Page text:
Appellate court doesn’t want to know ‘What What in the Butt’

Hal Libby Contributor
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The 7th Circuit Court of Appeals has bailed out the popular television show “South Park” once again. The court ended a lawsuit brought against Viacom, the company that runs “South Park” on its subsidiary Comedy Central, over the famous (or infamous) YouTube video “What What (In the Butt).”

In 2008 “South Park” parodied the popular YouTube video, produced by Brownmark Films. In that episode, the show’s character Butters aspired to make a similar video to gain “Internet money.”

In the episode “Canada on Strike,” the viral video is remade by innocent 9-year-old boy Butters, replacing the African-American singer of the original.

Last summer a Wisconsin judge ruled that “South Park” legally adapted the video under “fair use” exceptions to copyright law, and ordered Brownmark Films to pay Viacom’s legal bills.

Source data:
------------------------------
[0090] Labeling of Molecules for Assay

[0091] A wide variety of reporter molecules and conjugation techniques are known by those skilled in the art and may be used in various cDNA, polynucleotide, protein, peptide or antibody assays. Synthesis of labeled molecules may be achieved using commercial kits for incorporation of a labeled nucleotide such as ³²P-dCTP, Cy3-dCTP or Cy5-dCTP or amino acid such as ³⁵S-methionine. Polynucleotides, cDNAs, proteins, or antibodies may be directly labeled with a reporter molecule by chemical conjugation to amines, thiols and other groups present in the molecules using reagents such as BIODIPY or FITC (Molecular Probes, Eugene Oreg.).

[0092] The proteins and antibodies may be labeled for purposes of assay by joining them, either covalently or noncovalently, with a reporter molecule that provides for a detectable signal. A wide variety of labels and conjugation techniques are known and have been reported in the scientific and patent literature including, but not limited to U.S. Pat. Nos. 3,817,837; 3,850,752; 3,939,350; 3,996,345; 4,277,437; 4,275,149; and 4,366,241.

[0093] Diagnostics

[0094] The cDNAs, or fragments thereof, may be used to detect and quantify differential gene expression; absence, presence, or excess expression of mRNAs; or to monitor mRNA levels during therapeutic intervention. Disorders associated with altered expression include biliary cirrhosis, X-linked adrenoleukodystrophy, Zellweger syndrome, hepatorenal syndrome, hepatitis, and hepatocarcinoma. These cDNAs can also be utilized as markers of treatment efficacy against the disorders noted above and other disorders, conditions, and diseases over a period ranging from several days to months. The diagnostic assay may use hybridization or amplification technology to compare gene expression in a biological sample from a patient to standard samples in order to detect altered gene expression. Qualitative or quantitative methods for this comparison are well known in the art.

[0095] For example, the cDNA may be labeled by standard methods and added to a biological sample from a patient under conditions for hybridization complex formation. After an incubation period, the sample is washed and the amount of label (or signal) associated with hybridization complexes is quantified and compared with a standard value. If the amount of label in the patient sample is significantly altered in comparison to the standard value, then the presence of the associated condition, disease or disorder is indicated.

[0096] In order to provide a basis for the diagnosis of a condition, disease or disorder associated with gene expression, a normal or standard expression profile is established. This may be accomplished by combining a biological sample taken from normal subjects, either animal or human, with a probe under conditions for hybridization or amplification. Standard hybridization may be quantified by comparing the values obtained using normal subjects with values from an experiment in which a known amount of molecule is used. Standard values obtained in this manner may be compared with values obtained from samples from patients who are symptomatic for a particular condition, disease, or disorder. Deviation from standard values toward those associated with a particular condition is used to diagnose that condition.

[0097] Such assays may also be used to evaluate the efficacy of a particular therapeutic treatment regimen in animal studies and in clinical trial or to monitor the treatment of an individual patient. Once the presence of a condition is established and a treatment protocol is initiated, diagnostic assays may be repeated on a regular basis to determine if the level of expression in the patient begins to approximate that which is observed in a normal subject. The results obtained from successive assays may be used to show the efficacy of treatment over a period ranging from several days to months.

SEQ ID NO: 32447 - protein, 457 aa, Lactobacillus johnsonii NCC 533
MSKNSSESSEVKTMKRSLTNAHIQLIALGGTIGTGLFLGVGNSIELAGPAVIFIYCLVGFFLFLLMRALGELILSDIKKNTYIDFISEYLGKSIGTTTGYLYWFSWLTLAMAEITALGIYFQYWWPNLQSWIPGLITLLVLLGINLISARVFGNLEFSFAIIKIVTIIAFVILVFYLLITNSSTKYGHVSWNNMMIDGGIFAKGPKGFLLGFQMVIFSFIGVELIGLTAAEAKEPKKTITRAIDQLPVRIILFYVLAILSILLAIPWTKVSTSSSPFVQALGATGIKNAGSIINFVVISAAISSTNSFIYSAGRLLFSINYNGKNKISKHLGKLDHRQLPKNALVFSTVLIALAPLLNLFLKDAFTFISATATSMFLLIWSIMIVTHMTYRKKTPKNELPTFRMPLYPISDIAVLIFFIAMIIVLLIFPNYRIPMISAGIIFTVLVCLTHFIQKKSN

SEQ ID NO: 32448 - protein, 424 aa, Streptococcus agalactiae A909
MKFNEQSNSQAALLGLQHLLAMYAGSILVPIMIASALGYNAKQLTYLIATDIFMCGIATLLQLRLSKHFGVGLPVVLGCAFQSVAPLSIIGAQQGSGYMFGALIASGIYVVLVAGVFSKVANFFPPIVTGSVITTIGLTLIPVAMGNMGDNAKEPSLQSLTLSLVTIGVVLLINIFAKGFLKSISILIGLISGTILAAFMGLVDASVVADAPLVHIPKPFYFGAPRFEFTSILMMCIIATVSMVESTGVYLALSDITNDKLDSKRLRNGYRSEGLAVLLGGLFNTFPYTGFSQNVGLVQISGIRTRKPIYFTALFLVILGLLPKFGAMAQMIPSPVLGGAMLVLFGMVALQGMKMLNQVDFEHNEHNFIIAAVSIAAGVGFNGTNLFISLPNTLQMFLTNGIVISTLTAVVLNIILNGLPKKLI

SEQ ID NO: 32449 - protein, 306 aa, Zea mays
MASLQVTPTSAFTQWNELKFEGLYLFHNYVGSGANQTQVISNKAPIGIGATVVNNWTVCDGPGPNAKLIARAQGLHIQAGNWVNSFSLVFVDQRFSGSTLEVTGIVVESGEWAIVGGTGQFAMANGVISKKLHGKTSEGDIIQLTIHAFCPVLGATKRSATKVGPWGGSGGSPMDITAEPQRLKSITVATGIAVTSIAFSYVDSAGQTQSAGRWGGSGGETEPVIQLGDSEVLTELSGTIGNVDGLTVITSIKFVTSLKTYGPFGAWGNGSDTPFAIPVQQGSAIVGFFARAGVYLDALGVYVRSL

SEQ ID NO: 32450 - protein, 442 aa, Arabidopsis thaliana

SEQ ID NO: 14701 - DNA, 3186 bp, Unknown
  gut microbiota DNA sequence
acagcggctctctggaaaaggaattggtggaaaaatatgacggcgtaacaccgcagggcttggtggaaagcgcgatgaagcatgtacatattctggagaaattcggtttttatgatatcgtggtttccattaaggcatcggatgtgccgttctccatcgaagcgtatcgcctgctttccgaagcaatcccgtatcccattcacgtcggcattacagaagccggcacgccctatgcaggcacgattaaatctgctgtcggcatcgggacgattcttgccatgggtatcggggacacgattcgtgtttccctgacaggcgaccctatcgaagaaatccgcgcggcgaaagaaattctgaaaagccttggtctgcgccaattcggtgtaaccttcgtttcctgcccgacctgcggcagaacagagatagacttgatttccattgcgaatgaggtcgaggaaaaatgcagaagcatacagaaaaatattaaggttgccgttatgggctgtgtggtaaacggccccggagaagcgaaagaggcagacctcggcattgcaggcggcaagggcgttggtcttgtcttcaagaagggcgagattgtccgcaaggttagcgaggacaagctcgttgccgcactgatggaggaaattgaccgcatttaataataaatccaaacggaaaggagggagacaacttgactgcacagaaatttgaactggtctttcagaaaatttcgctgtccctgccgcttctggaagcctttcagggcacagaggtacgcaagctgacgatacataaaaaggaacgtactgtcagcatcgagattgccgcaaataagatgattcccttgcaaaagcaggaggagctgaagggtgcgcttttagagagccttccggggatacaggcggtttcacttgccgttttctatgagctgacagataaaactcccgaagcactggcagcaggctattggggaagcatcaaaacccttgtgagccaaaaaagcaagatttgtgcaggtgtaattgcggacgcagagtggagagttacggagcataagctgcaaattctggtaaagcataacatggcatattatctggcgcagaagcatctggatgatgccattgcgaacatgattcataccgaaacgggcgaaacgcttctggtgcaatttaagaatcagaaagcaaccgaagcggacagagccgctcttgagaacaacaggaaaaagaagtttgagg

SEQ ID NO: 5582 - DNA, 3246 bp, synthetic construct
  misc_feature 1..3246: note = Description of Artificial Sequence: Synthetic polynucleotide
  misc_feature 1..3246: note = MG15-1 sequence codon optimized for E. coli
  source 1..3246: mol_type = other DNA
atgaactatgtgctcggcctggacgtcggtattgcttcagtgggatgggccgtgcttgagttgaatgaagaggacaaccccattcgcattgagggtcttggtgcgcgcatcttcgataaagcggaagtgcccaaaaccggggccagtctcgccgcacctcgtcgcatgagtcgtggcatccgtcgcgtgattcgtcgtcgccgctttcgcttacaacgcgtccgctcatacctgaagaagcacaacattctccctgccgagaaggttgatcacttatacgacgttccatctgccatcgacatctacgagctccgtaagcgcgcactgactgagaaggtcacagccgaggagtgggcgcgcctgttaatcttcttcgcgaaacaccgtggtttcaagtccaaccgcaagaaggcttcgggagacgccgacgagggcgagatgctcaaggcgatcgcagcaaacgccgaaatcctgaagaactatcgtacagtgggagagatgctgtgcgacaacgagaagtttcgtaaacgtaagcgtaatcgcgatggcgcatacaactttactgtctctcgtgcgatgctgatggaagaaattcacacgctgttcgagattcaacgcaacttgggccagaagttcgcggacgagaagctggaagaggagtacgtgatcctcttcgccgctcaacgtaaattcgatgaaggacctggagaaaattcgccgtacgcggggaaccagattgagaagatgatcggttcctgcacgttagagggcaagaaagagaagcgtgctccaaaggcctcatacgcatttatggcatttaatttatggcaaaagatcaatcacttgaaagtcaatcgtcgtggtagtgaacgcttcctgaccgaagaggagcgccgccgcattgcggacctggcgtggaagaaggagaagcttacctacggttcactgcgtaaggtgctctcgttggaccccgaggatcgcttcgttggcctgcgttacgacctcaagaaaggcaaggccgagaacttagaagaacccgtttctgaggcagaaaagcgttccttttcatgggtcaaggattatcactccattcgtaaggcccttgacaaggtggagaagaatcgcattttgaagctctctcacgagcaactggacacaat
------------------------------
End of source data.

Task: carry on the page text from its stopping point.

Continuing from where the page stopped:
The judge ruled that “South Park” clearly intended “to lampoon the recent craze in our society of watching video clips on the internet that are — to be kind — of rather low artistic sophistication and quality,” according to The Hollywood Reporter.

The judge said the show made “transformative” use of the original video in a way only “South Park” could do, by making it even more absurd. 

The appellate court agreed with the district court judge.

One of the judges said, “when the two works in this case are viewed side-by-side, the ‘South Park’ episode is clearly a parody of the original ‘WWITB’ video, providing commentary on the ridiculousness of the original video and viral nature of certain YouTube videos.”

South Park video:

Original video: